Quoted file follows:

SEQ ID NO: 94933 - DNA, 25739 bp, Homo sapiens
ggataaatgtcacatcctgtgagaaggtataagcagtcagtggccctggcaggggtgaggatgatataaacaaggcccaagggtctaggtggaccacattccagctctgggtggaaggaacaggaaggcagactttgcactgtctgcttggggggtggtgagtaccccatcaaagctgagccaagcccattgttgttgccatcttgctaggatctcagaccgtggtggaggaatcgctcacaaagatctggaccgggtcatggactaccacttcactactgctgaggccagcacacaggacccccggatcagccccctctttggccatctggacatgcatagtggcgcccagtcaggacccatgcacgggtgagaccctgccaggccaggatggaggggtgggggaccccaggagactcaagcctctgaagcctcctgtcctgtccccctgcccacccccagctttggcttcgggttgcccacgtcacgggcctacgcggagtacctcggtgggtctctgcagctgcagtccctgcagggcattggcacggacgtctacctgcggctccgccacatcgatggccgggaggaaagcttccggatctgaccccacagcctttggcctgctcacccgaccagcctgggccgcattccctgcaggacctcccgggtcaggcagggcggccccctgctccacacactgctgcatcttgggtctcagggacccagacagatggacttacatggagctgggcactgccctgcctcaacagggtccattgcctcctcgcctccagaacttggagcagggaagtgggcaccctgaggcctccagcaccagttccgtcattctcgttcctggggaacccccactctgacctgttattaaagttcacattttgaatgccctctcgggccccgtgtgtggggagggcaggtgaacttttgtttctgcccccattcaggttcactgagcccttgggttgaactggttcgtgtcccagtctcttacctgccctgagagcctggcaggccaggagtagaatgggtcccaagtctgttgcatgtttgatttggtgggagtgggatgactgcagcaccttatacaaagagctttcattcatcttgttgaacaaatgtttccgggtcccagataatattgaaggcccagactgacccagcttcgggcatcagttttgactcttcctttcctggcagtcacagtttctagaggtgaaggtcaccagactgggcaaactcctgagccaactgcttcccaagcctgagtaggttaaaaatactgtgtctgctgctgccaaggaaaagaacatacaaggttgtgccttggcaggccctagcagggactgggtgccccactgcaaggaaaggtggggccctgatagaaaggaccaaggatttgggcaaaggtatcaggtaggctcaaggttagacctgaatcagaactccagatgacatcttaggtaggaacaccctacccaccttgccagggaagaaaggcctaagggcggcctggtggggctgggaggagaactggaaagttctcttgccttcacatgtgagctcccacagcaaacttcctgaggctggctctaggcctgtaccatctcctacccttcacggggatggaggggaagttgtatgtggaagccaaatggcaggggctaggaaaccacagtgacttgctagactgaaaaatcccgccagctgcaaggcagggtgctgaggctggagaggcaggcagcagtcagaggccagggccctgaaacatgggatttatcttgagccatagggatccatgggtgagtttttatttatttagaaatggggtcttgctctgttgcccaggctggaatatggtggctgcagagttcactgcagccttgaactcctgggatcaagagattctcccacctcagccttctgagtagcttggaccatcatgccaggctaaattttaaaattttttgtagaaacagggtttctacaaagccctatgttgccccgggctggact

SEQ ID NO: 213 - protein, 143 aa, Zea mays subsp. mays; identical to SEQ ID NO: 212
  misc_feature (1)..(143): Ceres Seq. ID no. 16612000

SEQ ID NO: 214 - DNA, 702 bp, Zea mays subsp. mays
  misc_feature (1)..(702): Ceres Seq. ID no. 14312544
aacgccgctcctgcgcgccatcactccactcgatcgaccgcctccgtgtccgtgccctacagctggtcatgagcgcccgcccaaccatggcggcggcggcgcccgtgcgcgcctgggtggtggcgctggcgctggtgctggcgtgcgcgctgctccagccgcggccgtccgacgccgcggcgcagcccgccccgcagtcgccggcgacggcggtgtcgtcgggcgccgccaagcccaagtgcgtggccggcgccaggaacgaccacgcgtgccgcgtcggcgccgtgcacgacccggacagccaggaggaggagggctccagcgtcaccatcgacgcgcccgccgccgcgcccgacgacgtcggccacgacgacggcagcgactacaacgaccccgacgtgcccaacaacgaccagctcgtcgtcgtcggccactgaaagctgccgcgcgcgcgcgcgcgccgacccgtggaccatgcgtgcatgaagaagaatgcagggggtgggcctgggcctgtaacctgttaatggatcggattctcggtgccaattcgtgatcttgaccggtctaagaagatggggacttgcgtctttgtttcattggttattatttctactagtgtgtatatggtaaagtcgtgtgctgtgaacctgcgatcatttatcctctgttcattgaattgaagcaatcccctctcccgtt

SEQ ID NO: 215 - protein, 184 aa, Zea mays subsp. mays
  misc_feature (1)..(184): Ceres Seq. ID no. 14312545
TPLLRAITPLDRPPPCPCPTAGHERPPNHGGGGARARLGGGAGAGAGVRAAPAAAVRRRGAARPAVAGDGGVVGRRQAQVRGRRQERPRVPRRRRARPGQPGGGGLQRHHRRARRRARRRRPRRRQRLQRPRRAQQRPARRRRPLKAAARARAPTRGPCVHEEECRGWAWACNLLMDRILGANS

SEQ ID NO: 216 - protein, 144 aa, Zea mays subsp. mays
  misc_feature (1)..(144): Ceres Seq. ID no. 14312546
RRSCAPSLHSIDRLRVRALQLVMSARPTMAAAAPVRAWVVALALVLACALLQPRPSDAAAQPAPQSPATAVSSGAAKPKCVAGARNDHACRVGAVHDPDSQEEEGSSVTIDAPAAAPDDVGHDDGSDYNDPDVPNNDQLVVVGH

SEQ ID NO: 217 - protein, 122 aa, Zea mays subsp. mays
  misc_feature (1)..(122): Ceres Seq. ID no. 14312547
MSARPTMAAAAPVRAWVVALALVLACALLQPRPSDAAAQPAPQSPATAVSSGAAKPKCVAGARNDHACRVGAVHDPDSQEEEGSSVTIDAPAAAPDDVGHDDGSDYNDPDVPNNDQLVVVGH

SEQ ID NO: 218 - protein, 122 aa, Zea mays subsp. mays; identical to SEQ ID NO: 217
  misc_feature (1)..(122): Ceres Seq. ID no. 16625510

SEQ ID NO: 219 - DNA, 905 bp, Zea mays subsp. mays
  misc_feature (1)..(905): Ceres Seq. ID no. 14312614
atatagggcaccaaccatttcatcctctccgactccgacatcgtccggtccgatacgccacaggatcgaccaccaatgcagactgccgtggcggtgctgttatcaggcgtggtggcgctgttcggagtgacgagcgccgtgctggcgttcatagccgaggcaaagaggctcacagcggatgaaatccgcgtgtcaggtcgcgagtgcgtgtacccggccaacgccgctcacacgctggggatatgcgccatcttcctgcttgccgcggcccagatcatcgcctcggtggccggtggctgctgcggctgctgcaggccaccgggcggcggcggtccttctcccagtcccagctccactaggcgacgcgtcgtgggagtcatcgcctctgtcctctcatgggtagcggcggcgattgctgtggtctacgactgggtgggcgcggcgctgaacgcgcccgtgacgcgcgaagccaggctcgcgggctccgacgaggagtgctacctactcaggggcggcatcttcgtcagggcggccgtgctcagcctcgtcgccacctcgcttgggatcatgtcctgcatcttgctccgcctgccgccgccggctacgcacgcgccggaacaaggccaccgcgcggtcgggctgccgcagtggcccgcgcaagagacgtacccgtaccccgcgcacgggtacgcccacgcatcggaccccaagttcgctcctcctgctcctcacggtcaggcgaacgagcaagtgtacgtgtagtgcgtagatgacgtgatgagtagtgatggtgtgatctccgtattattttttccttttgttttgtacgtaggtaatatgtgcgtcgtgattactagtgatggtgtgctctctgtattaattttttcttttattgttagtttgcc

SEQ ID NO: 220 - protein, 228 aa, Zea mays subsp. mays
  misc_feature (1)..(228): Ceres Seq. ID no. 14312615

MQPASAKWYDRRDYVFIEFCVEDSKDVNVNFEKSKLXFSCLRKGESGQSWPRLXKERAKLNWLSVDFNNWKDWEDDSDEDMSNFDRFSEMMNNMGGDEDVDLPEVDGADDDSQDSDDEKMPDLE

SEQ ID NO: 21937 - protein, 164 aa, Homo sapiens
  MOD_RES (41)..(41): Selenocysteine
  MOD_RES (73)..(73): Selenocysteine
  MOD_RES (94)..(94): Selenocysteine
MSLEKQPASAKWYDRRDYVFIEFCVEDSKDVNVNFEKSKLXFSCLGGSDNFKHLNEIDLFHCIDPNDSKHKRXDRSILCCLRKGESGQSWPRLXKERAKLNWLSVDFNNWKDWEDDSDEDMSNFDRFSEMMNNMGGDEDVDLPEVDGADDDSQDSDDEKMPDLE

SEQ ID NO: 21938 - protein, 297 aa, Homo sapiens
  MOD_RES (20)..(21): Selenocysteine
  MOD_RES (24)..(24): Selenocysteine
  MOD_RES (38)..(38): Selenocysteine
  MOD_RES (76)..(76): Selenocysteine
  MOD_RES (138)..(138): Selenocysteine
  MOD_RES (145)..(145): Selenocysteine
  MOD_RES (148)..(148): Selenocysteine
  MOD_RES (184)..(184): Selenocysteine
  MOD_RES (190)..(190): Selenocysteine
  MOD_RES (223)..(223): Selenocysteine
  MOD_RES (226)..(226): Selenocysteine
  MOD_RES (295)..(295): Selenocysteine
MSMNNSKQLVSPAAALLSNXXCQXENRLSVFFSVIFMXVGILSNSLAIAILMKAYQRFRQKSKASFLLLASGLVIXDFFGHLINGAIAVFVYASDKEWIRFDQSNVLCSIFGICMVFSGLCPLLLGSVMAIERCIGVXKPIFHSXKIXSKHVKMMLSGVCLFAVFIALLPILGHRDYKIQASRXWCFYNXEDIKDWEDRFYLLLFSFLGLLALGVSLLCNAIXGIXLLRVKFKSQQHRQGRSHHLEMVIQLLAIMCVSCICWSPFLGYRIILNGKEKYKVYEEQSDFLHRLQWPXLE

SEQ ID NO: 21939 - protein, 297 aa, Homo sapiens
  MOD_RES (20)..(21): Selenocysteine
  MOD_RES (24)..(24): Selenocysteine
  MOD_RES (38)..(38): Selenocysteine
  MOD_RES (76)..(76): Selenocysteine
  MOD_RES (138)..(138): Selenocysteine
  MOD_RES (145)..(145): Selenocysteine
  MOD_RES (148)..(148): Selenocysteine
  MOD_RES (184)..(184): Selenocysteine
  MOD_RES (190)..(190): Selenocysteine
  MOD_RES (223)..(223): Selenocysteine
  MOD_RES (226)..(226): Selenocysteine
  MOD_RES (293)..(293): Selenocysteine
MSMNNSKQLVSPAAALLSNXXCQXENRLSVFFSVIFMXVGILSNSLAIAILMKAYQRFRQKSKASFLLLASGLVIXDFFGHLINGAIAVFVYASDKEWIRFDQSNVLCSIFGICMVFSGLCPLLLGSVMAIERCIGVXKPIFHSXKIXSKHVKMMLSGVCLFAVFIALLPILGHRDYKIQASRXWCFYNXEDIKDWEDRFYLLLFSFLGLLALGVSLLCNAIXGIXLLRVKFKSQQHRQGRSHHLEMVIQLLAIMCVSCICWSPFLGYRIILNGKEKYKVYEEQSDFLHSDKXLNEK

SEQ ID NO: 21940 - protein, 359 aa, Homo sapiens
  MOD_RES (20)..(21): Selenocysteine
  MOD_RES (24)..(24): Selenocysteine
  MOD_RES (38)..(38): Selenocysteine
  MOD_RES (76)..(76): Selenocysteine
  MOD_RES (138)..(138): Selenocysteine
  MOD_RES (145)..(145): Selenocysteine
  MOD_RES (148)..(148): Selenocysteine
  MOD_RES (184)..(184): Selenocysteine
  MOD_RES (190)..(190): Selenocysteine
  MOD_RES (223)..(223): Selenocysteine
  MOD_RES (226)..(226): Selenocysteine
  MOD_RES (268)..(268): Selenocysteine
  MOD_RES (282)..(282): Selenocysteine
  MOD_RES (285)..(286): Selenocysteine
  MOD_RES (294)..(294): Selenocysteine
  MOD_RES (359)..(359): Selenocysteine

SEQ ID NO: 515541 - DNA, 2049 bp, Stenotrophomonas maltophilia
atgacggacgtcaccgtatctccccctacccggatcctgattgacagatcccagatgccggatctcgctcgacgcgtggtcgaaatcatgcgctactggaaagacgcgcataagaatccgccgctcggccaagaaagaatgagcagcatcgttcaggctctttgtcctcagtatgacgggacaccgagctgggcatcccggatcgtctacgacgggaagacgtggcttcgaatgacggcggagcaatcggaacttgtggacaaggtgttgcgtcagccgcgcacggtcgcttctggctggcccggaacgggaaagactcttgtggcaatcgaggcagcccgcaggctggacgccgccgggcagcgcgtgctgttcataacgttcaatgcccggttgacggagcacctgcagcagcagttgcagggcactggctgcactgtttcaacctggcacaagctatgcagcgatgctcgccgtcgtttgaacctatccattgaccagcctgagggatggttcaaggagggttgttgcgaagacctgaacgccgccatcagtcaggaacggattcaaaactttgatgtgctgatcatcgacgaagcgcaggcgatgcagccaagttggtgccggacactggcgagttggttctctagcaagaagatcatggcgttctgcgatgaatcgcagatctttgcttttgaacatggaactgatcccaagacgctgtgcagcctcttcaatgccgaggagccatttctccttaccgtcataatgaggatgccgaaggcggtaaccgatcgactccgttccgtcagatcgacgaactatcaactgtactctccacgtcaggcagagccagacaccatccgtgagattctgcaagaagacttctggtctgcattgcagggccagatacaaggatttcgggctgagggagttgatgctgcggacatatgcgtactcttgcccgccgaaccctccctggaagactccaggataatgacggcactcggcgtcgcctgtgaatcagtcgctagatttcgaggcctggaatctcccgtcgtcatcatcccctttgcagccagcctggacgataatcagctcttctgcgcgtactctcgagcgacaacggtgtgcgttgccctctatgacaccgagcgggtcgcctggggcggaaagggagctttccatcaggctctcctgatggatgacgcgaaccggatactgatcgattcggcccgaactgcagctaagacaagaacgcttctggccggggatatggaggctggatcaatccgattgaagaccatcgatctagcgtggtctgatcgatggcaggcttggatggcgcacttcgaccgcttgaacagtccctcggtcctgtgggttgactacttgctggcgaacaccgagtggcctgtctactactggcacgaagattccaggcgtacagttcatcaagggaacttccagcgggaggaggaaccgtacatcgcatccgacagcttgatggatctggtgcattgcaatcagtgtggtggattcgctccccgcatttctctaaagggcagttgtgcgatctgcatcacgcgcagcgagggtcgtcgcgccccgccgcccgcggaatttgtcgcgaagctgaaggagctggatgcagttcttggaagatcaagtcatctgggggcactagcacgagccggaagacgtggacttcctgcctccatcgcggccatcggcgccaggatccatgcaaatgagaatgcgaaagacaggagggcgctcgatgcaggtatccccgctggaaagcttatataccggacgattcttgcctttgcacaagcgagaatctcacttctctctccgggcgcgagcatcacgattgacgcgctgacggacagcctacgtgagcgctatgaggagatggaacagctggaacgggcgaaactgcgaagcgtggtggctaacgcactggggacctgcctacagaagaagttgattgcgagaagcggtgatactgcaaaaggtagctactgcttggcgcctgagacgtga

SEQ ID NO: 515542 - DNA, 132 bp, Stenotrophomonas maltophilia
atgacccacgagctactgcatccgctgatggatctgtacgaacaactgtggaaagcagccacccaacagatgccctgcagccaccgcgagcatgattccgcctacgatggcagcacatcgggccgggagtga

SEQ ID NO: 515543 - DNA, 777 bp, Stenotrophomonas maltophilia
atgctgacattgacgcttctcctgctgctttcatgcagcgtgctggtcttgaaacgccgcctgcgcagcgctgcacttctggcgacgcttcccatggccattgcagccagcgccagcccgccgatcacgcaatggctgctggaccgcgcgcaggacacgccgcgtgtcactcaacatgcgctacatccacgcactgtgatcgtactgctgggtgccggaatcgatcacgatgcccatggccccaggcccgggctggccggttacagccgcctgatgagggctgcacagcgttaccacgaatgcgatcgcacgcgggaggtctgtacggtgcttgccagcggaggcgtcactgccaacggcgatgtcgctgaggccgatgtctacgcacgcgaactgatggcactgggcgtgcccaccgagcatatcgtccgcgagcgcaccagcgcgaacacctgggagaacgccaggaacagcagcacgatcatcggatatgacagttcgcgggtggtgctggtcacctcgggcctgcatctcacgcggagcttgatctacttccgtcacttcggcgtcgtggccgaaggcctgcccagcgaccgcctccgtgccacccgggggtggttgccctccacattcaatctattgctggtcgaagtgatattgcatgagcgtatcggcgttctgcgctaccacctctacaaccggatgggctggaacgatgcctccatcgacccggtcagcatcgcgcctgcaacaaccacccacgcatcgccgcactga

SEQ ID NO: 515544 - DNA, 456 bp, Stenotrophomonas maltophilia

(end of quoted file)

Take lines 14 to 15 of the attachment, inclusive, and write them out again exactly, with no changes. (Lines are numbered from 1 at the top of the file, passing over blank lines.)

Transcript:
SEQ ID NO: 217 - protein, 122 aa, Zea mays subsp. mays
  misc_feature (1)..(122): Ceres Seq. ID no. 14312547